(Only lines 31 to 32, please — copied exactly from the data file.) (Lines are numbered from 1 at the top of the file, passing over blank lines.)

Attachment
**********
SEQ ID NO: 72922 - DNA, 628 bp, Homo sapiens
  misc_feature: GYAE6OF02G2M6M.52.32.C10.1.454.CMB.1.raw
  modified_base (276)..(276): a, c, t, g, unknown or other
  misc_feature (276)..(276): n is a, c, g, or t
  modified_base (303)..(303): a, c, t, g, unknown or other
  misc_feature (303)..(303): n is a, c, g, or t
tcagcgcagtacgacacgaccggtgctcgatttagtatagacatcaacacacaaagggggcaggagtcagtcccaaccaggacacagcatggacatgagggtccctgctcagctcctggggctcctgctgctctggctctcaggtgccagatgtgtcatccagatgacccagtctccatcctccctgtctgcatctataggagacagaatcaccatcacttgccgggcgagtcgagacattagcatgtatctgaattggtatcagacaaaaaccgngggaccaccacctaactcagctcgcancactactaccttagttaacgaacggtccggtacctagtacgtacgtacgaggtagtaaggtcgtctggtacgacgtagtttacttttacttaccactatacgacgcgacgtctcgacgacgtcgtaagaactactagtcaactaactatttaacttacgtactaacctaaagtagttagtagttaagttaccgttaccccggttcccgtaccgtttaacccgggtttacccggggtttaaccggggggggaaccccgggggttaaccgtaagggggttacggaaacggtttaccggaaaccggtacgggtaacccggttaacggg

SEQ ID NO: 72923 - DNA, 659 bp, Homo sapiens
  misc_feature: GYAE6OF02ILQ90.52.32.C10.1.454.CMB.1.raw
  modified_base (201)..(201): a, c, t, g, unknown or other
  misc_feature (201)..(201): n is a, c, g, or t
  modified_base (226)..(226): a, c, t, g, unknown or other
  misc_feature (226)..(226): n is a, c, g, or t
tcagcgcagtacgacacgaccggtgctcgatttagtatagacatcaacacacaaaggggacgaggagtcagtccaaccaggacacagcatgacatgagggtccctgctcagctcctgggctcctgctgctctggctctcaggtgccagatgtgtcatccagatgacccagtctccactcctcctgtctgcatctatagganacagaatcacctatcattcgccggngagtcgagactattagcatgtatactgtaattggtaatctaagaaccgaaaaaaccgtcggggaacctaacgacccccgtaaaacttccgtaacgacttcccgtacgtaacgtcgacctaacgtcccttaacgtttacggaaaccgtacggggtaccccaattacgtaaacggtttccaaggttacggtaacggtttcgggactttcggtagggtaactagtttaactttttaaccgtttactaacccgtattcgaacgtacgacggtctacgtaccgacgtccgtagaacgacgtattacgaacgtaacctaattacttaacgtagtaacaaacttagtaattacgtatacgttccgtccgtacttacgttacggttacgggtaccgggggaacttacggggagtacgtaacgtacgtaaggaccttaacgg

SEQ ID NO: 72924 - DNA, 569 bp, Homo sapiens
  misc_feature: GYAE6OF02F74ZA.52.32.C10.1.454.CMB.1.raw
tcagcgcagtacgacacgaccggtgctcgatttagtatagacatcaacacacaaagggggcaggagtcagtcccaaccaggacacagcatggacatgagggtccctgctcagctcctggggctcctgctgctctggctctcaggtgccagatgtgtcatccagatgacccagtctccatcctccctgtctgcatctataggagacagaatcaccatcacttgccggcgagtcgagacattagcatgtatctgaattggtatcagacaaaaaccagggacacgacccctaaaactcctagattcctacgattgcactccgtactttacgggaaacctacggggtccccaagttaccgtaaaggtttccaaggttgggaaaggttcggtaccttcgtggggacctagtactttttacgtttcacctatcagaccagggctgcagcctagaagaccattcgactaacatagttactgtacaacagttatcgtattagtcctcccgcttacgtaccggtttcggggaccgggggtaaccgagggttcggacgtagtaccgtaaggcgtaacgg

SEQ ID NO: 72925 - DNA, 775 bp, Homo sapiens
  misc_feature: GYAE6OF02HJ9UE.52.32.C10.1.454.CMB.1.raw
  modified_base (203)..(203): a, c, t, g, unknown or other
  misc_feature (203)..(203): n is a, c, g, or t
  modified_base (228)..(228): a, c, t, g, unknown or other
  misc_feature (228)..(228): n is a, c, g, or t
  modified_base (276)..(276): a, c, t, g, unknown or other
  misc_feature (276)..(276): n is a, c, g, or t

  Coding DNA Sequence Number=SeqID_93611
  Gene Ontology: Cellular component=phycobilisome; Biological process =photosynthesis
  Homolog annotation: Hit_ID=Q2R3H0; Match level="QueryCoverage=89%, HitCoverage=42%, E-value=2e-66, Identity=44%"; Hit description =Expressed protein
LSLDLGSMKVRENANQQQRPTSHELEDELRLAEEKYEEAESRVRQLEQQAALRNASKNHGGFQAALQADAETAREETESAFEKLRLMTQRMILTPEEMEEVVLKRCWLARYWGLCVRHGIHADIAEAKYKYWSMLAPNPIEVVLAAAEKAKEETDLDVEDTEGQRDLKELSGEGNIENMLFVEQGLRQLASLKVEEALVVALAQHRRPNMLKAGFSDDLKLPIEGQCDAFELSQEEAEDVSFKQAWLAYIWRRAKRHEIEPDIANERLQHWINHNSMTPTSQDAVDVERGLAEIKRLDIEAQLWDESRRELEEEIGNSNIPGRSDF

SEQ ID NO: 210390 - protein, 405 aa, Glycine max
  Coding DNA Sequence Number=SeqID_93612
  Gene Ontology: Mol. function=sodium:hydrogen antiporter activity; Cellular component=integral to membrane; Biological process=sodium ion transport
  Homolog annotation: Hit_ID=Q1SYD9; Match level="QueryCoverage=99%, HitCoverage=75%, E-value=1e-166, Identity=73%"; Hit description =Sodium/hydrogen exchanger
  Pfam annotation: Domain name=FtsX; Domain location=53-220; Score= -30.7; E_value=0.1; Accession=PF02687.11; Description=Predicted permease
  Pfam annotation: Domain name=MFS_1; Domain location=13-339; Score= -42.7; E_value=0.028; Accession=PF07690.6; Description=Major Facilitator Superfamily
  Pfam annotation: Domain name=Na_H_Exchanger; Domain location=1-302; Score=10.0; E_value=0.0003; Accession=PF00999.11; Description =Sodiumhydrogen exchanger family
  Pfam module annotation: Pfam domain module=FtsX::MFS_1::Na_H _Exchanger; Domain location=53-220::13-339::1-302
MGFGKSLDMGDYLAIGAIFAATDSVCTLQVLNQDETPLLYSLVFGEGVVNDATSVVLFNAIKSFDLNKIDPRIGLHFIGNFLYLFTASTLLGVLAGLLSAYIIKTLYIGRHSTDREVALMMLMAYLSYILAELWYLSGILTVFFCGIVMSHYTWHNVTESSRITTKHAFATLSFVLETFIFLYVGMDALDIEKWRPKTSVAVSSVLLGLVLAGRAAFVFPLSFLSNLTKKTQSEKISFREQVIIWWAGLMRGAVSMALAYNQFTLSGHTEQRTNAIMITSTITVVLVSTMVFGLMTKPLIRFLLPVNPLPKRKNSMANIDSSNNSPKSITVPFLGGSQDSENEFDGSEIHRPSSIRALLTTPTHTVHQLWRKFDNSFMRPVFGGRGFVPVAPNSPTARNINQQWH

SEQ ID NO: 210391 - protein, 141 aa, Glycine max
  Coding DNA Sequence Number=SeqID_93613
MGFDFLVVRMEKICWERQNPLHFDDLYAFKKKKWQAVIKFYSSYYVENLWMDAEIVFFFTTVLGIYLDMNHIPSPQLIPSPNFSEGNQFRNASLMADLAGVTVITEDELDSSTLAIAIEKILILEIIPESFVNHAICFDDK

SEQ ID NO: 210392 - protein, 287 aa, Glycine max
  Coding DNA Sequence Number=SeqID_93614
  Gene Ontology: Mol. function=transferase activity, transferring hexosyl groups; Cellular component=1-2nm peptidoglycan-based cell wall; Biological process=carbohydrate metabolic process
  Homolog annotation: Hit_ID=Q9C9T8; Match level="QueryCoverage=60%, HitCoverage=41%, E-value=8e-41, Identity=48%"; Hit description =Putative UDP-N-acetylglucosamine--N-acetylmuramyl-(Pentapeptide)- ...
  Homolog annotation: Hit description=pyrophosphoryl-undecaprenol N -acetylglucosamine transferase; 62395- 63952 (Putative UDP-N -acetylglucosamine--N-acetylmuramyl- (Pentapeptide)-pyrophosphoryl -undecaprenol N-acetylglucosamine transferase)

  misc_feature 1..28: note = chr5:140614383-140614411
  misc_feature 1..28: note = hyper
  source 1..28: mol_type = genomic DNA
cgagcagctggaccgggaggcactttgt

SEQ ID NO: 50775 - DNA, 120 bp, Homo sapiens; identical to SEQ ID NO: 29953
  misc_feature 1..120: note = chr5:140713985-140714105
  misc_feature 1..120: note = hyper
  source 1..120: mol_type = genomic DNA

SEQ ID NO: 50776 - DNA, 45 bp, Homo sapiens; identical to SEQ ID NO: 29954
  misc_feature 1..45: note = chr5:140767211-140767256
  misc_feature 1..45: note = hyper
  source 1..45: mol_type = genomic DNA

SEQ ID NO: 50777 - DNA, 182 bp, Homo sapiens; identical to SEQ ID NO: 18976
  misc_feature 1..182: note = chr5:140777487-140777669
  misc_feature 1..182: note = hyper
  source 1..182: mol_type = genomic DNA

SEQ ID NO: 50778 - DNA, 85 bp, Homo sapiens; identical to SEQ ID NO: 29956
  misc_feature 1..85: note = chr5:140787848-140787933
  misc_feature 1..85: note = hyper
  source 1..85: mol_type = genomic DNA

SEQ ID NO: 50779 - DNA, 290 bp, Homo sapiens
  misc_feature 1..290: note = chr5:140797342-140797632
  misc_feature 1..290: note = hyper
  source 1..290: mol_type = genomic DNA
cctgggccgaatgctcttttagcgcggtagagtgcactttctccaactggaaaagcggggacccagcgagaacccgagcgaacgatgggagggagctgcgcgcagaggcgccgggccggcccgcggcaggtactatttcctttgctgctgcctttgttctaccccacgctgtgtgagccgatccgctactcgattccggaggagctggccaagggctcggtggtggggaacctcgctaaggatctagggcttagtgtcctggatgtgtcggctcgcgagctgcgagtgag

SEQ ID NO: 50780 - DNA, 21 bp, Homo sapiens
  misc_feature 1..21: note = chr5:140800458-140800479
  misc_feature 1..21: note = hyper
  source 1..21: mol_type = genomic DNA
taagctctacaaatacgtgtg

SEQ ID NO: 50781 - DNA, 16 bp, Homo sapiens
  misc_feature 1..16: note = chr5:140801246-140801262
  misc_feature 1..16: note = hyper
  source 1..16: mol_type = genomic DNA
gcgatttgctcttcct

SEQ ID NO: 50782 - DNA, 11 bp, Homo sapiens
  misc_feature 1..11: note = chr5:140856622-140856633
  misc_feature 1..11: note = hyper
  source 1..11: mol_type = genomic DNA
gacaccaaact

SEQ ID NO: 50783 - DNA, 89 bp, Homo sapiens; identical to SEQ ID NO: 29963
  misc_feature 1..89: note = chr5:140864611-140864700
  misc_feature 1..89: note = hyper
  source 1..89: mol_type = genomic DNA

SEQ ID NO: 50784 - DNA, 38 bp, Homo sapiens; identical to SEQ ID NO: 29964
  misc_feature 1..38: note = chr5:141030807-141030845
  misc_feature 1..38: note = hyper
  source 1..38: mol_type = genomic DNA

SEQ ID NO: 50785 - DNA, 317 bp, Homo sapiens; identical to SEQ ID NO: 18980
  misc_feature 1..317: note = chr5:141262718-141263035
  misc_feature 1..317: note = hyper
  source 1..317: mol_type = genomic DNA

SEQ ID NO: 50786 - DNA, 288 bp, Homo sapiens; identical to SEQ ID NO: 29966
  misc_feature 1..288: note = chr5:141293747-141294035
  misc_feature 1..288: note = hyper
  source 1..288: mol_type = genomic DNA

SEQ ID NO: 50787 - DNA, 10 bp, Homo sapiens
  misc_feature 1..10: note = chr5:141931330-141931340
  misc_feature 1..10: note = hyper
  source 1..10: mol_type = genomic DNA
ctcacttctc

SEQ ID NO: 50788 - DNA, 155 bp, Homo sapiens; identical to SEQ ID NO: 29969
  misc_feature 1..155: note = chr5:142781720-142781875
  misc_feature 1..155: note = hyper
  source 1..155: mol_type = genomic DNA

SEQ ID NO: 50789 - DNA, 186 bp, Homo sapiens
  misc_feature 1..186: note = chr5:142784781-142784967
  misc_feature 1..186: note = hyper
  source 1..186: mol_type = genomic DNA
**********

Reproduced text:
  Coding DNA Sequence Number=SeqID_93612
  Gene Ontology: Mol. function=sodium:hydrogen antiporter activity; Cellular component=integral to membrane; Biological process=sodium ion transport